What to Say When the Police Tell You to Stop Filming Them

First of all, they shouldn’t ask.

“As a basic principle, we can’t tell you to stop recording,” says Delroy Burton, chairman of D.C.’s metropolitan police union and a 21-year veteran on the force. “If you’re standing across the street videotaping, and I’m in a public place, carrying out my public functions, [then] I’m subject to recording, and there’s nothing legally the police officer can do to stop you from recording.”

“What you don’t have a right to do is interfere,” he says. “Record from a distance, stay out of the scene, and the officer doesn’t have the right to come over and take your camera, confiscate it.”

Officers do have a right to tell you to stop interfering with their work, Burton told me, but they still aren’t allowed to destroy film.

Yet still some officers do. Last week, an amateur video appeared to show a U.S. Marshal confiscating and destroying a woman’s camera as she filmed him.

“Photography is a form of power, and people are loath to give up power, including police officers. It’s a power struggle where the citizen is protected by the law but, because it is a power struggle, sometimes that’s not enough,” saysJay Stanley, a senior policy analyst at the American Civil Liberties Union (ACLU).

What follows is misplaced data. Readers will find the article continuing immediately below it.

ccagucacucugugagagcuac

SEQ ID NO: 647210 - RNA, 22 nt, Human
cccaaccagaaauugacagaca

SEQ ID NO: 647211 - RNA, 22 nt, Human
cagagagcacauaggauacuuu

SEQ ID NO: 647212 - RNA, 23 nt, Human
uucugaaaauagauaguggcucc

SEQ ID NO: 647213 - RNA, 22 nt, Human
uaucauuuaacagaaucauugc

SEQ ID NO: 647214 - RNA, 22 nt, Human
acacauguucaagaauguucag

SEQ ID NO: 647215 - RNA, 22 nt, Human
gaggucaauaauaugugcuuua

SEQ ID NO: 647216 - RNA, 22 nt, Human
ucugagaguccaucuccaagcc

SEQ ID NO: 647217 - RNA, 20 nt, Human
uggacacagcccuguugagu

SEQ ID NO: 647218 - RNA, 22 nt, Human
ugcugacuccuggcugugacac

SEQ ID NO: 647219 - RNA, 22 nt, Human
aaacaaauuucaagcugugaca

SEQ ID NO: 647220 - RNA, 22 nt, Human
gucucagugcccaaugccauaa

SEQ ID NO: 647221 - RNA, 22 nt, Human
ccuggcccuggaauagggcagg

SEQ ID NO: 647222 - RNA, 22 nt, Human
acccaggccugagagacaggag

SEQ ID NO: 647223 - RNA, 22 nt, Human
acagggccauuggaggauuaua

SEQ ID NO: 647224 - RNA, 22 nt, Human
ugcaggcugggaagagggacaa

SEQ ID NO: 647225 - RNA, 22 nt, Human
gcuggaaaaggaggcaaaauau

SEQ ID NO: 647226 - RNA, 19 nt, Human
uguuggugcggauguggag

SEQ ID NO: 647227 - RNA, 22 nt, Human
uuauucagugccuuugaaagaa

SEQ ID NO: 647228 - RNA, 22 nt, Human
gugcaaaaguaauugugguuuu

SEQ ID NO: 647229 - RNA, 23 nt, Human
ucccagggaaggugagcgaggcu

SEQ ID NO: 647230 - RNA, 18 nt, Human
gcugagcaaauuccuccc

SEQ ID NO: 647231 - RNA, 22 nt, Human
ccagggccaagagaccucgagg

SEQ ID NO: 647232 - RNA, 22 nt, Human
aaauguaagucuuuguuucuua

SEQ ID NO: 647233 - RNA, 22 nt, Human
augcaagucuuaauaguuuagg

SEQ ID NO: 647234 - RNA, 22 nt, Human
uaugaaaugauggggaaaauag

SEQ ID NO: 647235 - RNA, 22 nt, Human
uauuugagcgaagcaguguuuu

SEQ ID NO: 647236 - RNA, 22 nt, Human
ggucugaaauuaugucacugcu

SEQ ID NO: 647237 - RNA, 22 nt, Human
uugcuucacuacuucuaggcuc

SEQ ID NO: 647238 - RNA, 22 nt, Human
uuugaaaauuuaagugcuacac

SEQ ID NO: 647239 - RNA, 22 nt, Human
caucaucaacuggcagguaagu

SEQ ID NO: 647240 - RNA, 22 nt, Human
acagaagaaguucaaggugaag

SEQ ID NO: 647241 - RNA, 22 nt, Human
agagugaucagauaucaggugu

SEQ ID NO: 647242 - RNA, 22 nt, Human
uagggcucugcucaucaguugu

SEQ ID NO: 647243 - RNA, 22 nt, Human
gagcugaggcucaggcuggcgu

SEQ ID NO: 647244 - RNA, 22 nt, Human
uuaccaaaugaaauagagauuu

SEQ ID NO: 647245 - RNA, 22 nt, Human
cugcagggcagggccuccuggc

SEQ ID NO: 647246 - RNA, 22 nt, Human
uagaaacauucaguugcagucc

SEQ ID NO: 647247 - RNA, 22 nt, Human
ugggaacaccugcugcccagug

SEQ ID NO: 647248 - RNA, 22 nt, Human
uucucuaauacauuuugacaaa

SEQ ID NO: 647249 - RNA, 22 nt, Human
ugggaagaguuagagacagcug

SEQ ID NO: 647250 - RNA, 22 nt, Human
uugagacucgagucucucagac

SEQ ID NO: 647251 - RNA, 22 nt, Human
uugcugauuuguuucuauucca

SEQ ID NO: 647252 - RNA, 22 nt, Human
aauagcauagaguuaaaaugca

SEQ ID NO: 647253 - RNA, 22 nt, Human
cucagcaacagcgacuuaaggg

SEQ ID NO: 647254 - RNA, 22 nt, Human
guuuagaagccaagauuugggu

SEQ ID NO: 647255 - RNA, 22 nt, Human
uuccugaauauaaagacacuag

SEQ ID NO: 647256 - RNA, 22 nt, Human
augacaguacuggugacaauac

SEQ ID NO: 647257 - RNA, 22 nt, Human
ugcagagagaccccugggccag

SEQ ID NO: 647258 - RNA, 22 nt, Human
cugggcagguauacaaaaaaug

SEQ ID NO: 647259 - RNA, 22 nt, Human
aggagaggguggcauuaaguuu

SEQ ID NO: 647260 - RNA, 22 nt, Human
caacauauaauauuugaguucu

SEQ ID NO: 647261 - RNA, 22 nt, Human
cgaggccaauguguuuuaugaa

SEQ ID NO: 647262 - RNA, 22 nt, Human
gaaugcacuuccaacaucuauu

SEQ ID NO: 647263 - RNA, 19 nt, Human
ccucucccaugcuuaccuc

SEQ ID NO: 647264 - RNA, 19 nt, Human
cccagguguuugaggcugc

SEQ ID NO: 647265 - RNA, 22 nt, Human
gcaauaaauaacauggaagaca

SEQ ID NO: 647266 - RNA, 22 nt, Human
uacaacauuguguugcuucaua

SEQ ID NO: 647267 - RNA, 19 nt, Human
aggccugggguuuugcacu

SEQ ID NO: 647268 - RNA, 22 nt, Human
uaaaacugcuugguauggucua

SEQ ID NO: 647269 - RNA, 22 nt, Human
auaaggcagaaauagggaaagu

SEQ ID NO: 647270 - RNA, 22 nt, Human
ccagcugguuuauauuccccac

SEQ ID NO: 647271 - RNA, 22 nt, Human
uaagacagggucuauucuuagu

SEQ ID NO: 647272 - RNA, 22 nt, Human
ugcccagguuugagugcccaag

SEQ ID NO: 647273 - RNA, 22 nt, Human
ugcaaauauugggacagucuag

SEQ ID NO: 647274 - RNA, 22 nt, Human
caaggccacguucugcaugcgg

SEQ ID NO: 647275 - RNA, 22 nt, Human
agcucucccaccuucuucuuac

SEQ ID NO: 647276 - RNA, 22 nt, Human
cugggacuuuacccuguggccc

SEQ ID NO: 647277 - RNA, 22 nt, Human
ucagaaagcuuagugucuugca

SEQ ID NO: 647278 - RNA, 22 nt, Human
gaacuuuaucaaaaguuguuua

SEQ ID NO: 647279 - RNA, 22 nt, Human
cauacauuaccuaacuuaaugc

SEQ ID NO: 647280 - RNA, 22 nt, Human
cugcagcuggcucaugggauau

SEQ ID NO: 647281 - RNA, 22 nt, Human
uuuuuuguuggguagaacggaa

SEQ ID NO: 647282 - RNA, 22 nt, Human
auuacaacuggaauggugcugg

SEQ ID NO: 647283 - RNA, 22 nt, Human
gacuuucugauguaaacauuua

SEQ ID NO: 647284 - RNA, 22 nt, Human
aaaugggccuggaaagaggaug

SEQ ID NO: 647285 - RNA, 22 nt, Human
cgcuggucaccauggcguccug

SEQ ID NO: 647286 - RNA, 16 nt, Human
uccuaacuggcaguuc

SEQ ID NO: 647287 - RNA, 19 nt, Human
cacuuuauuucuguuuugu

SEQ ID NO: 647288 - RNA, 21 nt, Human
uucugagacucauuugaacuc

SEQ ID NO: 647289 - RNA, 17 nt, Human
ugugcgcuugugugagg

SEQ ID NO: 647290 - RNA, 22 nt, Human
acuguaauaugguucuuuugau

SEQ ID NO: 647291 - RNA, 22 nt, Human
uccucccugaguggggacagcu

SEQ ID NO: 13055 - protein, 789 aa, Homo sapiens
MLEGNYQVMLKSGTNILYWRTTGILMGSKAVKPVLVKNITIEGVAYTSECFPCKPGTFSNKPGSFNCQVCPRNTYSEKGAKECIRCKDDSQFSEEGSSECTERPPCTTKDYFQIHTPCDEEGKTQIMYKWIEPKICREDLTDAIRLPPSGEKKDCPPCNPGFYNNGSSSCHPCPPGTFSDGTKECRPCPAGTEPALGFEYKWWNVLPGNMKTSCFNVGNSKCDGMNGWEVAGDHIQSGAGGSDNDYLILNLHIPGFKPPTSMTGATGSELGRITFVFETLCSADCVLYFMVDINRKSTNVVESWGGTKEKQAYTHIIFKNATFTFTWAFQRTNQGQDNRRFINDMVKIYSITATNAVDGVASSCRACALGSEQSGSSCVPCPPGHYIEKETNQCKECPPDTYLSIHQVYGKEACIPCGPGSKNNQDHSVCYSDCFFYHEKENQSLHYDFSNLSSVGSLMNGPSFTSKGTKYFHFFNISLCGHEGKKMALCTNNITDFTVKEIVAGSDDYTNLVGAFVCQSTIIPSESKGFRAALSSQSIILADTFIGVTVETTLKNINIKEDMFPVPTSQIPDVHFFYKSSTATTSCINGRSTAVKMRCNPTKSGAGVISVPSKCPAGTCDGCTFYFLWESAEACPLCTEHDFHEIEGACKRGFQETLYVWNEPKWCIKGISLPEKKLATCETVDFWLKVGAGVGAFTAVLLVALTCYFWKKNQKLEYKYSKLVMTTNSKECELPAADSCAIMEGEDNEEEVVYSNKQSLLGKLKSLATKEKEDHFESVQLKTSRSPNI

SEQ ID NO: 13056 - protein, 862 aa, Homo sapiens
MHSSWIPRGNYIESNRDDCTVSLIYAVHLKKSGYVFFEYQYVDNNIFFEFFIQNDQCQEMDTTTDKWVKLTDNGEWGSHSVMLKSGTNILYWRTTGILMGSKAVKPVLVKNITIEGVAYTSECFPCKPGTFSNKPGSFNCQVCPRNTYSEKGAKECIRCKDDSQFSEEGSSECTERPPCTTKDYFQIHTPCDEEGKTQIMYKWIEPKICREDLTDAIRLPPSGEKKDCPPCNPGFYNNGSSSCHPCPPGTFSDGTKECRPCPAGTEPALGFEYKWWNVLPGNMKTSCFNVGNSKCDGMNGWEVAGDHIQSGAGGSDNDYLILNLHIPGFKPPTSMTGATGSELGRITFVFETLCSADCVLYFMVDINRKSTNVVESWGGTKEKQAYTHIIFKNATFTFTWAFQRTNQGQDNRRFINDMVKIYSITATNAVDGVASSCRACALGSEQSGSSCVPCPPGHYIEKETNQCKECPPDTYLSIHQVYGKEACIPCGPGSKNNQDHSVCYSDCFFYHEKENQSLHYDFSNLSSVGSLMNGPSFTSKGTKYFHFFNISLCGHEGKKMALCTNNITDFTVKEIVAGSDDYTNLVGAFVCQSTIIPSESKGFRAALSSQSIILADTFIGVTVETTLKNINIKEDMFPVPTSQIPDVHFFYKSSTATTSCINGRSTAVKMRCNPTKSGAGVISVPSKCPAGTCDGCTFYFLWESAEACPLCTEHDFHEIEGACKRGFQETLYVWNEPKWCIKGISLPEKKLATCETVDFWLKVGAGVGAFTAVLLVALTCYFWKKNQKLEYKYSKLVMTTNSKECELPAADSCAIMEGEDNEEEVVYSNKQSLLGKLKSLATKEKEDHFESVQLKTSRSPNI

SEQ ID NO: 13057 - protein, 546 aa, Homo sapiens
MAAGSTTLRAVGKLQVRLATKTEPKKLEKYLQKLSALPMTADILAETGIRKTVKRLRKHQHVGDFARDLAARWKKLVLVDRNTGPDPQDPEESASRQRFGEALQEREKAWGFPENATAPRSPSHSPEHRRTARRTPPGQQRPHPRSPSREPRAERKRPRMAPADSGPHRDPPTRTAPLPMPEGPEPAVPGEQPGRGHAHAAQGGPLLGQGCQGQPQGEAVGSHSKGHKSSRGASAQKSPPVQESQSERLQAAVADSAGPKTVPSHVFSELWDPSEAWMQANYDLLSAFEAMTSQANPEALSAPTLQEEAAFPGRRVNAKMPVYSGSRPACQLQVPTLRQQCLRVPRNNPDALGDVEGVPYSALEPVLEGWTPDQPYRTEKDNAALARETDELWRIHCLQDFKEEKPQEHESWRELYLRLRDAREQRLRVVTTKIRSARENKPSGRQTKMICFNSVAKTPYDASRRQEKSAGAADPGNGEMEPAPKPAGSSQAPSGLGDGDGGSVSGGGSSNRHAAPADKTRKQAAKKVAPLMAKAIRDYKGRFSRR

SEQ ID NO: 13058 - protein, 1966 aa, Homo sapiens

Stanley wrote the ACLU’s “Know Your Rights” guide for photographers, which lays out in plain language the legal protections that are assured people filming in public. Among these: Photographers can take pictures of anything in plain view from public space—including public officials—but private land owners may set rules for photography on their property. Cops also can’t “confiscate or demand to view” audio or video without a warrant, and they can’t ever delete images.

The ACLU’s guide does caution that “police officers may legitimately order citizens to cease activities that are truly interfering with legitimate law enforcement operations.”

What if that happens, and you disagree with the officer?

“If it were me, and an officer came up and said, ‘You need to turn that camera off, sir,’ I would strive to calmly and politely yet firmly remind the officer of my rights while continuing to record the interaction, and not turn the camera off,” Stanley told me.

Read more at The Atlantic, http://www.theatlantic.com/technology/archive/2015/04/what-to-say-when-t...